Please Note

The Washington Post is providing this important election information free to all readers. Get election results and other major news delivered to your inbox by signing up for breaking news email alerts.

This coverage has ended. Follow here for Sunday’s updates.

Joe Biden is now president-elect, and Sen. Kamala D. Harris of California is set to become the highest-ranking woman in the nation’s 244-year existence. In a victory speech on Saturday night, Biden called it “a time to heal in America” and said, “I pledge to be a president who seeks not to divide but unify, who doesn’t see red states and blue states, only sees the United States.”

Harris praised Biden as “a healer, a uniter, a tested and steady hand" and spoke of what her win represented, saying, “While I may be the first woman in this office, I will not be the last, because every little girl watching tonight sees that this is a country of possibilities.”

Biden supporters came together to celebrate in cities throughout the country, while in state capitals from Phoenix to Austin, Trump supporters were gathering at protests over vote counts, planned before Biden’s victory was announced. Trump and his team have vowed to fight the results in court, and the president has baselessly called into question the integrity of legally cast votes since news organizations made their call.

Here’s what to know now

9:07 p.m.
Headshot of David Weigel
David Weigel: Biden began his first remarks as president-elect by peering into the crowd and singling out the Delaware politicians who’d come to see him. “Is that Ruth Ann?” he asked, spotting the state’s first Democratic governor, who was elected 20 years ago and served two terms. It was a reminder of just how much Biden had built one of the country’s most dominant Democratic parties, a business-friendly coalition of liberals that’s won every significant election here since 1996.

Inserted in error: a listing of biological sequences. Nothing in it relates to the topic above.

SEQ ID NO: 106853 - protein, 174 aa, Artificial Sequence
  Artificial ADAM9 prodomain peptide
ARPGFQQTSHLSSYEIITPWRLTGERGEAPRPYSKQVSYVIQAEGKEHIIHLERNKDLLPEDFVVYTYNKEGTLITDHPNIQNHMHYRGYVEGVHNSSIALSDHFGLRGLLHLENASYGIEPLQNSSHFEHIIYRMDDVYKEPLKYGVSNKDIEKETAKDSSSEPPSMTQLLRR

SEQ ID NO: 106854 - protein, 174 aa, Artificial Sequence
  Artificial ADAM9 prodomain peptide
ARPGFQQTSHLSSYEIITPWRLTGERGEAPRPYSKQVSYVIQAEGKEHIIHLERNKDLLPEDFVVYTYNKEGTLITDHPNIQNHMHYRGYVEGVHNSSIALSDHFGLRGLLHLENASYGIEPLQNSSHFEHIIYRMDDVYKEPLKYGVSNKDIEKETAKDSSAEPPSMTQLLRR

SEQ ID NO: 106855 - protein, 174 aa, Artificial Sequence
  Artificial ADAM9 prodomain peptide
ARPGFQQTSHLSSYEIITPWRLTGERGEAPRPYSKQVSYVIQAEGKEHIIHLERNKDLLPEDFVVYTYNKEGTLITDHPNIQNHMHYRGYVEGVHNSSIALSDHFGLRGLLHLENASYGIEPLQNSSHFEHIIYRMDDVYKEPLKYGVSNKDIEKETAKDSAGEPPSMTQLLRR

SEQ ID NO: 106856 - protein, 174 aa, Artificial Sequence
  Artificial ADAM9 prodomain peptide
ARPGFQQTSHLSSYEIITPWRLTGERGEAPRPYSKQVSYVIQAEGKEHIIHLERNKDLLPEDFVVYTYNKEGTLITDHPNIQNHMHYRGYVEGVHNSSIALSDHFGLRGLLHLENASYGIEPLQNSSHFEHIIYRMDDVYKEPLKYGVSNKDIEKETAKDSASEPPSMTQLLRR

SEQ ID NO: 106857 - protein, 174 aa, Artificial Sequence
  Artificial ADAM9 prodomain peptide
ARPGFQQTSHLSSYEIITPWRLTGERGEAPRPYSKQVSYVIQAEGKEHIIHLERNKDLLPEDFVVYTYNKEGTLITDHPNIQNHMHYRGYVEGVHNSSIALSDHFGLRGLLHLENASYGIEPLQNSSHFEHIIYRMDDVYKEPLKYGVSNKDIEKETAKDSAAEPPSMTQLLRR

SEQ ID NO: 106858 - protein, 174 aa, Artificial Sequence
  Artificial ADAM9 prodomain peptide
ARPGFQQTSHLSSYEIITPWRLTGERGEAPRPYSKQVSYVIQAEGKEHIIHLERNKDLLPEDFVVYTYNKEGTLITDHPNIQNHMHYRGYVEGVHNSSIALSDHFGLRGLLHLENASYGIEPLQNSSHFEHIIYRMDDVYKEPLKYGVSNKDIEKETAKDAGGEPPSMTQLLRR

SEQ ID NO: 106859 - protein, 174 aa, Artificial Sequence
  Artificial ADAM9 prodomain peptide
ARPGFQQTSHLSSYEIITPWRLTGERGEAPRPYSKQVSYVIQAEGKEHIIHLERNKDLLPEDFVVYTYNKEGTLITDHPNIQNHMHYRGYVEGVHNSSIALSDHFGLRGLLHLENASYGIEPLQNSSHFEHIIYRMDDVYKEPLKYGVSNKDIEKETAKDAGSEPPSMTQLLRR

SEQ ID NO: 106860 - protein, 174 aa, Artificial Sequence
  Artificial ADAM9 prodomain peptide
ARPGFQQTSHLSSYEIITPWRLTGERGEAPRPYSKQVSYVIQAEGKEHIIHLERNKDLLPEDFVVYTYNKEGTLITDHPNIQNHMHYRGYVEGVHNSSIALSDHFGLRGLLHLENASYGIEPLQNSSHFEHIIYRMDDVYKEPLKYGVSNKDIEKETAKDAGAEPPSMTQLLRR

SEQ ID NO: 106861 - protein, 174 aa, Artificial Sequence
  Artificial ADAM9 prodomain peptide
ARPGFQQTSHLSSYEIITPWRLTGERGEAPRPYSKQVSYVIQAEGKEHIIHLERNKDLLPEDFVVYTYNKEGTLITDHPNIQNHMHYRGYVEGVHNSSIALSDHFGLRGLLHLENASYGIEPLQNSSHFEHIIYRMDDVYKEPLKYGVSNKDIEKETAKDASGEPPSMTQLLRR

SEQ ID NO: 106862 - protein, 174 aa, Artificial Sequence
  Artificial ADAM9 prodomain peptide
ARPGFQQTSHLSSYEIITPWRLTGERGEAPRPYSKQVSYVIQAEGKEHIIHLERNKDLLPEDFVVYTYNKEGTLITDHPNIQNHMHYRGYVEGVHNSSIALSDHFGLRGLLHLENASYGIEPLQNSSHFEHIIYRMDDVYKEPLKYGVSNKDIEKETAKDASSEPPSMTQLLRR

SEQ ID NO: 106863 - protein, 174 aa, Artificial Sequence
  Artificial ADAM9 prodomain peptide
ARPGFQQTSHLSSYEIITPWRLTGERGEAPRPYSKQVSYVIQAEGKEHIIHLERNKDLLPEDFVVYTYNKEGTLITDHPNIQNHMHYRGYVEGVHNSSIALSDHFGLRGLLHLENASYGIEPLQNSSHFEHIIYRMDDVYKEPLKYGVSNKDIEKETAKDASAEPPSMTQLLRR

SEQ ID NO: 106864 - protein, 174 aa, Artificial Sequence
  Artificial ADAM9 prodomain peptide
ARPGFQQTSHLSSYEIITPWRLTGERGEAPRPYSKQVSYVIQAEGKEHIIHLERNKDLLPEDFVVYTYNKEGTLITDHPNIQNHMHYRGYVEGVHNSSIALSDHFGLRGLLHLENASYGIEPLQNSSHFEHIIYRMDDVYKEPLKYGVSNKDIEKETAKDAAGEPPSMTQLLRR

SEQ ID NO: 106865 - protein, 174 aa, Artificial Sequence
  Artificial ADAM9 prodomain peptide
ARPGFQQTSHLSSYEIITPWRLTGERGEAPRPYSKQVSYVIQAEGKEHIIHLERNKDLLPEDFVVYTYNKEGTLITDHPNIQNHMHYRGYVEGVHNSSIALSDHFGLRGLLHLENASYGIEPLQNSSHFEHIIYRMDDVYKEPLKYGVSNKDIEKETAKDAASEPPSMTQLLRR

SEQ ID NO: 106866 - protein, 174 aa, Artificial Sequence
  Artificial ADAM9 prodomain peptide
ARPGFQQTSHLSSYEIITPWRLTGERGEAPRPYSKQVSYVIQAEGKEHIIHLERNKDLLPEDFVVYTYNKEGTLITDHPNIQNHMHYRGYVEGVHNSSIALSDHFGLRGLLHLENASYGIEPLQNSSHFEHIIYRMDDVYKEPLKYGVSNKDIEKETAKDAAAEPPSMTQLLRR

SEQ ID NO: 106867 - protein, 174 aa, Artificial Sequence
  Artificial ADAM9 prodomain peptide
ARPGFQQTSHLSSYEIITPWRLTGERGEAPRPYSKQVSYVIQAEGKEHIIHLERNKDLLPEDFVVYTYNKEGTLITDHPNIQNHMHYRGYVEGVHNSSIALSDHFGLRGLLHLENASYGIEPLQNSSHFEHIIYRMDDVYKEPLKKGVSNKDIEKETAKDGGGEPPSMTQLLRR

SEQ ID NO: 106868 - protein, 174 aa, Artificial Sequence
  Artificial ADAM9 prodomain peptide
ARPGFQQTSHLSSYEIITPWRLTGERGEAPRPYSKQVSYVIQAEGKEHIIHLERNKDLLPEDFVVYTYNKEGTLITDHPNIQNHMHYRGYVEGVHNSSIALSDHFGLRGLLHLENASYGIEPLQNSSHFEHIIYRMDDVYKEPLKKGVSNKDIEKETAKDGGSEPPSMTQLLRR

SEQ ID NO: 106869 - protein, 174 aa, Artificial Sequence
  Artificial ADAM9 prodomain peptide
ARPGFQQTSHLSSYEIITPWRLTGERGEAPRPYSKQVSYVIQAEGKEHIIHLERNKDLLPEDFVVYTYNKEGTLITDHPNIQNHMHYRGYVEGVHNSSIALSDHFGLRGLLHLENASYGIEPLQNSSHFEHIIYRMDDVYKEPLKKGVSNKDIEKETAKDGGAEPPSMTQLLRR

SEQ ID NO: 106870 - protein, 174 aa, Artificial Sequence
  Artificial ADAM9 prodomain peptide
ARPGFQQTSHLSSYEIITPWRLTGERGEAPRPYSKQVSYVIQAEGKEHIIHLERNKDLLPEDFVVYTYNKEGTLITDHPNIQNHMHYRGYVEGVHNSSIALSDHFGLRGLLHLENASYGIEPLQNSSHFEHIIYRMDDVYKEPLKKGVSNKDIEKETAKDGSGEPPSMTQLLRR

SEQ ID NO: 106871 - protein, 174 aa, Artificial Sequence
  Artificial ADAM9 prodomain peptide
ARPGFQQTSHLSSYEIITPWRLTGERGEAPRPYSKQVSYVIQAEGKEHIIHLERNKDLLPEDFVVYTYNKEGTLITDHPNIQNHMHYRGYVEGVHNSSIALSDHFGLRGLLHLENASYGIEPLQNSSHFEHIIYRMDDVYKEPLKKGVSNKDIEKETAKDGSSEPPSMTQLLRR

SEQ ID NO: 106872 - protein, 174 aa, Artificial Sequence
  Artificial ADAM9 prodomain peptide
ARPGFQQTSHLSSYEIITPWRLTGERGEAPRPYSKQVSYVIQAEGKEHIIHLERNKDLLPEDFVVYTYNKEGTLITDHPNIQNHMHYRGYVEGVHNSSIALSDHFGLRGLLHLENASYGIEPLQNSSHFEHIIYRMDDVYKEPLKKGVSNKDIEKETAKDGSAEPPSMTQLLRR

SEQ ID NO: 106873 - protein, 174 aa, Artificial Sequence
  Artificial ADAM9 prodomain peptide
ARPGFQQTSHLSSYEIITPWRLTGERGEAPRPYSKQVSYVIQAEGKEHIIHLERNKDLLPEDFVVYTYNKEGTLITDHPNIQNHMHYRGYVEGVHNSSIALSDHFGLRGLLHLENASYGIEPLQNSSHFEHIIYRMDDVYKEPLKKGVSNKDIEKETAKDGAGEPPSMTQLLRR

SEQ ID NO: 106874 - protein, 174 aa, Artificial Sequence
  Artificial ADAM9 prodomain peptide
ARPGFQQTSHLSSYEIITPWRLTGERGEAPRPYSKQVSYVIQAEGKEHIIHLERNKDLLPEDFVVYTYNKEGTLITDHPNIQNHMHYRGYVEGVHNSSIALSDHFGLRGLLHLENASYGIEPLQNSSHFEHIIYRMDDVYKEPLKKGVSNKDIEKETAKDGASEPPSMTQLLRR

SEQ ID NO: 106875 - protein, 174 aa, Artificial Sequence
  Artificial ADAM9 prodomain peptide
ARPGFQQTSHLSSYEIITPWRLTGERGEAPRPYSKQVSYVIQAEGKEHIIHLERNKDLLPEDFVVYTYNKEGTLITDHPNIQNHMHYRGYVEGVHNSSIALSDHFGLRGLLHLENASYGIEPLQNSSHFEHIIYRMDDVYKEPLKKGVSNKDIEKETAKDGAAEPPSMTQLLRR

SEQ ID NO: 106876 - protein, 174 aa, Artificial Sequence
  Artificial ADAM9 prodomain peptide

David Weigel, National reporter covering politics
9:02 p.m.
Headshot of Sean Sullivan
Sean Sullivan: Biden has been a man of few words over the past few months, delivering short speeches on the campaign trail. Tonight was no exception, with an address that clocked in around 15 minutes. For a politician long plagued by gaffe-prone tendencies, Biden has lately demonstrated an ability to stay on message during his brief public appearances.
Sean Sullivan, Reporter covering national politics
8:55 p.m.
Headshot of Annie Linskey
Annie Linskey: Everything about this moment is designed to showcase Biden as presidential and the next leader of the country, while Trump declines to concede. In case anyone is missing the point, projected behind Biden are the words “President elect Joe Biden,” with Biden’s name in letters about a story high. The idea is to use optics to cement in the minds of Americans that he is the next president.
Annie Linskey, National reporter covering the White House.
8:54 p.m.
Headshot of Matt Viser
Matt Viser: Through Biden’s entire campaign, he has spoken about unity and healing divisions. And one of the most important lines of the night came as the president-elect attempted to speak directly to President Trump’s supporters. “I understand the disappointment tonight. I’ve lost a couple of times myself,” he said, a subtle reference to his two failed presidential bids. “But now, let’s give each other a chance.”
Matt Viser, National political reporter
8:47 p.m.
Headshot of Sean Sullivan
Sean Sullivan: Biden started his address using words like “clear” and “convincing” to describe his win and mentioned the record number of votes he received. This was a notable move as Trump has yet to concede and continues to raise baseless concerns about the vote. Biden seemed determined to rebuke those false claims, if implicitly.
Sean Sullivan, Reporter covering national politics
8:38 p.m.
Headshot of Chelsea Janes
Chelsea Janes: Harris appeared to tear up when she mentioned her mother, Shyamala Gopalan Harris, who immigrated to the United States to attend the University of California at Berkeley and become a breast cancer researcher. Harris almost never displayed such emotion on the campaign trail, more easily moved to tears by laughter than joy or sadness. But she quotes her mother regularly and when asked what she thought when she voted for herself last week said simply “my mother.” Gopalan Harris died of cancer in 2009.
Chelsea Janes, National baseball writer